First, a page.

This is Turkish bellydancer Tulay Karaca performing with live music provided by a group of musicians. Tulay was famous not only for her tiny, gravity defying costumes but also for her incredible zill playing. In another clip she performs a solo piece accompanying herself only with her zills. This piece is also on the Carovan though there are clearer versions about. Tulay has long retired and is the aunt (not mother) of Turkish dancer Zinnur Karaca. The clip is taken from what was originally a VHS tape which was played a lot then eventually converted to digital so there is a loss of quality.
A blast from the past from Turkey. This is Inci Adali who was a popular Turkish belly dancer back in the 1980s. In this clip you’ll see her performing karshlima, Romani and Turkish style earthy belly dance. Inci Adali’s performance is part of a soap opera shown on Turkish tv about a girl who works in the nightclub but who wants to be a belly dancer. Inci Adali plays the star dancer who gives the girl a big break and the restaurant girl dances with her to the Rabhani Brothers’ well known ‘Spectacular Rhythms’ no less. However, I’ve cut those bits out to concentrate on Inci Adali’s performance.
This is a really ‘old school’ clip from Turkey but, as there is such a renewed interest in Romany/gypsy dance, its a great clip to look at and learn from. The dancer is Turkish performer Inci Adali (her first name is pronounced Inchi). The performance is part of a film shown on Turkish tv about a girl who works in the nightclub who wants to be a bellydancer. Inci Adali is the star dancer gives her a big break.
Turkish folk dance from the area around Silifke on Turkey’s Mediterranean coast. This is an mp4 conversion from a really old VHS tape so the quality is poor in places.
When it came to zill playing there was Tulay Karaca and then there was the rest of us! Tulay Karaca is from Turkey and was at her most popular in the 1980s. She retired from stage performances around 1992.
This is Oya Man, a fabulous Russian bellydancer, performing at the Orient House in Istanbul, Turkey. This was filmed in August 2012.
TheCaroVan’s YouTube channel is no more. The channel featured short clips of bellydancers from the Middle East and occasionally singers, usually in scenes or clips taken from old Egyptian and Lebanese movies some as far back as the 1930s. Full movies were never uploaded.
TheCaroVan YouTube account has been terminated after receiving copyright demands from companies and copyright organisations who claimed the ownership of some of the clips and/or the accompanying music. While some of the claims were from entities who, after a minimal amount of research proved to be non-existent, some claims and organisations were legitimate and if you were a regular visitor to TheCaroVan you would have noticed that in the past, clips has been removed in compliance.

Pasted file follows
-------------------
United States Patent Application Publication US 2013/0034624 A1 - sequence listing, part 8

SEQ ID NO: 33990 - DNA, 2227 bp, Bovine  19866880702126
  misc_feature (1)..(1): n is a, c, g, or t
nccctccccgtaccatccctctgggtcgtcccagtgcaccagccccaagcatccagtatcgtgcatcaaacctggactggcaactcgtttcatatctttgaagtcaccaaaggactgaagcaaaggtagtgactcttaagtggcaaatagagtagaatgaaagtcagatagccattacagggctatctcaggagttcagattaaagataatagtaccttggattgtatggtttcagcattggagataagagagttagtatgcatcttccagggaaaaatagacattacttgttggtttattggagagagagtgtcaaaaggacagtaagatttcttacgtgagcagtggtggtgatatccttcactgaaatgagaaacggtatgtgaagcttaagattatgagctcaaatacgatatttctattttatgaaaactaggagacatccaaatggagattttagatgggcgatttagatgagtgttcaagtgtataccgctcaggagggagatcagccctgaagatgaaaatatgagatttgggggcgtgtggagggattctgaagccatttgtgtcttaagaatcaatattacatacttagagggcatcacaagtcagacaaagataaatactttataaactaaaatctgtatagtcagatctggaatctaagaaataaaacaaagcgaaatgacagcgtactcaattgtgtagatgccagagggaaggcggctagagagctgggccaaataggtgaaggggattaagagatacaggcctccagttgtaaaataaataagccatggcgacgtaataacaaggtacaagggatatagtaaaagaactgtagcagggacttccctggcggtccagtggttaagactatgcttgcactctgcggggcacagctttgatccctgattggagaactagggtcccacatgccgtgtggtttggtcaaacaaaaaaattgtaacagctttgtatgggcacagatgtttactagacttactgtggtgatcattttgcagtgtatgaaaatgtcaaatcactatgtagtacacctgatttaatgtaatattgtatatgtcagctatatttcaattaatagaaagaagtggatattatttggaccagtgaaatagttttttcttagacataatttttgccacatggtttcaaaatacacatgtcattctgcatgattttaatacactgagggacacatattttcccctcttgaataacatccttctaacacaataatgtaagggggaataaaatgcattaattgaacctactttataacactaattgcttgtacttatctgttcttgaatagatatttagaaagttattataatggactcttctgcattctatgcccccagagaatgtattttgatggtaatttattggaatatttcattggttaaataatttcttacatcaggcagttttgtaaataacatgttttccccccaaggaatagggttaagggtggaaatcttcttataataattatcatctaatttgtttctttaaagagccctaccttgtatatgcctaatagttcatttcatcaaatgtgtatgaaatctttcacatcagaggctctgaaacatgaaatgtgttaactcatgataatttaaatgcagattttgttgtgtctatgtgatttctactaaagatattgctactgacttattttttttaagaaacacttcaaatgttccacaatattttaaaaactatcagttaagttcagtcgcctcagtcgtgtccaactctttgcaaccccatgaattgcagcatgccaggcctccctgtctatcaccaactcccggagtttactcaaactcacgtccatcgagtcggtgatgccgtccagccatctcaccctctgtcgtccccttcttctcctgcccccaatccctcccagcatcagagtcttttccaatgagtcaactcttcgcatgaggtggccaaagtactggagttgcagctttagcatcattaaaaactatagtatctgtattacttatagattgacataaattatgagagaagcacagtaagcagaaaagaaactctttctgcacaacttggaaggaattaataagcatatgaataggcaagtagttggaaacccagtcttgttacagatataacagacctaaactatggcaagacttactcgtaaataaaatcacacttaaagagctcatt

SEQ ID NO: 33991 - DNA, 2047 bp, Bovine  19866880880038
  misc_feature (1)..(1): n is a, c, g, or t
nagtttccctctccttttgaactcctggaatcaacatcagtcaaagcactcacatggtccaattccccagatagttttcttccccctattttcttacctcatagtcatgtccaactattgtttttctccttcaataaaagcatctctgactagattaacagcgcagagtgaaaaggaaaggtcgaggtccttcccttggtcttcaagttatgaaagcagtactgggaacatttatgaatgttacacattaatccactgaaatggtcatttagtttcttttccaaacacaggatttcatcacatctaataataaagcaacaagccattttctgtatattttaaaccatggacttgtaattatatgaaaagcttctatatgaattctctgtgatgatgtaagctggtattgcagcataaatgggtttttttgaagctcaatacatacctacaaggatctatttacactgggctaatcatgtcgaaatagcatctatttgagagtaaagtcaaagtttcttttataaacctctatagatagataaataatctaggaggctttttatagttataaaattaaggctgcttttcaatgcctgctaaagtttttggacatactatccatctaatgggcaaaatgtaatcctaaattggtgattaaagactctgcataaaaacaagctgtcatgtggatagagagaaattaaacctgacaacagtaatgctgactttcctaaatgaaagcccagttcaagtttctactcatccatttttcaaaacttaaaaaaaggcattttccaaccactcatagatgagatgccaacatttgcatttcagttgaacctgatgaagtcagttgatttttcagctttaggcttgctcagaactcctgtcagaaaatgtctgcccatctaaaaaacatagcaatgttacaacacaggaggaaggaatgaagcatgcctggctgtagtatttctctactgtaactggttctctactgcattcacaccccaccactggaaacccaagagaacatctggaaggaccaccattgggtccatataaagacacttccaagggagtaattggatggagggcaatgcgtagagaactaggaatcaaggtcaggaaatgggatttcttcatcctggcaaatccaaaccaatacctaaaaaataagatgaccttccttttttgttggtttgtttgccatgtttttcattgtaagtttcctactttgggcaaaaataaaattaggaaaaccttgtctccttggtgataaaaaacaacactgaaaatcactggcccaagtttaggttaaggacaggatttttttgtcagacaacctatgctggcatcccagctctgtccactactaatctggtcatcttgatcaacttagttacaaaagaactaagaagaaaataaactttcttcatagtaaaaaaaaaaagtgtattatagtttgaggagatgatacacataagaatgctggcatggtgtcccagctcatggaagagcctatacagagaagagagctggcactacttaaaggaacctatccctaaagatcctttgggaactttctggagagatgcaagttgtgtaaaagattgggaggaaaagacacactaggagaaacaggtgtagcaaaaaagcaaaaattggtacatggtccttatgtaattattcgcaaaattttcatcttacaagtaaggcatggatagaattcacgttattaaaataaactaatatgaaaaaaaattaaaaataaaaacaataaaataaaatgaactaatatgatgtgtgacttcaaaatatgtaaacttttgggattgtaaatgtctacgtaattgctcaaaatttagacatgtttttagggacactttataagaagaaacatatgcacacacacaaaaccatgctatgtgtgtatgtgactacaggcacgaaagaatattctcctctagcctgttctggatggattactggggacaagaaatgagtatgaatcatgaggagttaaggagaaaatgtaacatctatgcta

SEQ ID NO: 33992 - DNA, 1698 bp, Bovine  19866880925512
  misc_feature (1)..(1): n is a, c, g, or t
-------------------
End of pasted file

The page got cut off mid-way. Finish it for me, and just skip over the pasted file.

In the end, TheCarovan account was terminated due to a take-down notice by a company in France who claims to own the copyright to the 1955 Egyptian film ‘Sigarah wa Kas’ (A Glass and a Cigarette) which features dancing by Samia Gamal. Interestingly enough there is at least one other company who claims to own the worldwide copyright of this same movie.
I removed the offending clip yesterday, immediately on receiving the notice, but that wasn’t good enough apparently and the account has been terminated. As a result the channel and its research and information that more than 6,000,000 viewers had accessed, is now lost.
So, long story short, TheCaroVan is no more and I am now ‘An individual whose account has been closed [is] prohibited from accessing, possessing or creating any other YouTube account.’
Ah well, as someone who lives in the Middle East, as you can imagine, we have one or two other things to worry about at the moment…..
A very quick clip of Hale Sultan a Turkish bellydancer performing at the Orient House in Istanbul. Hale was the last of three bellydancers performing during the evening. She was terrific but I was a bit disappointed as she danced almost exclusively in the Egyptian style, no Turkish/Rom folkloric, no 9/8 and no zills. Like most performers, she probably tailored her act to suit the audience, which that particular night were mostly Arabic. Many thanks to Michele Harrington for ID-ing Hale.
The music is well known to any dancer as the drum solo from the Tammerhenna routine.
A very old performance by Turkish star Sibel Can (pronounced Chan). She started her career at the age of 14 as a bellydancer but is now better known as a singer.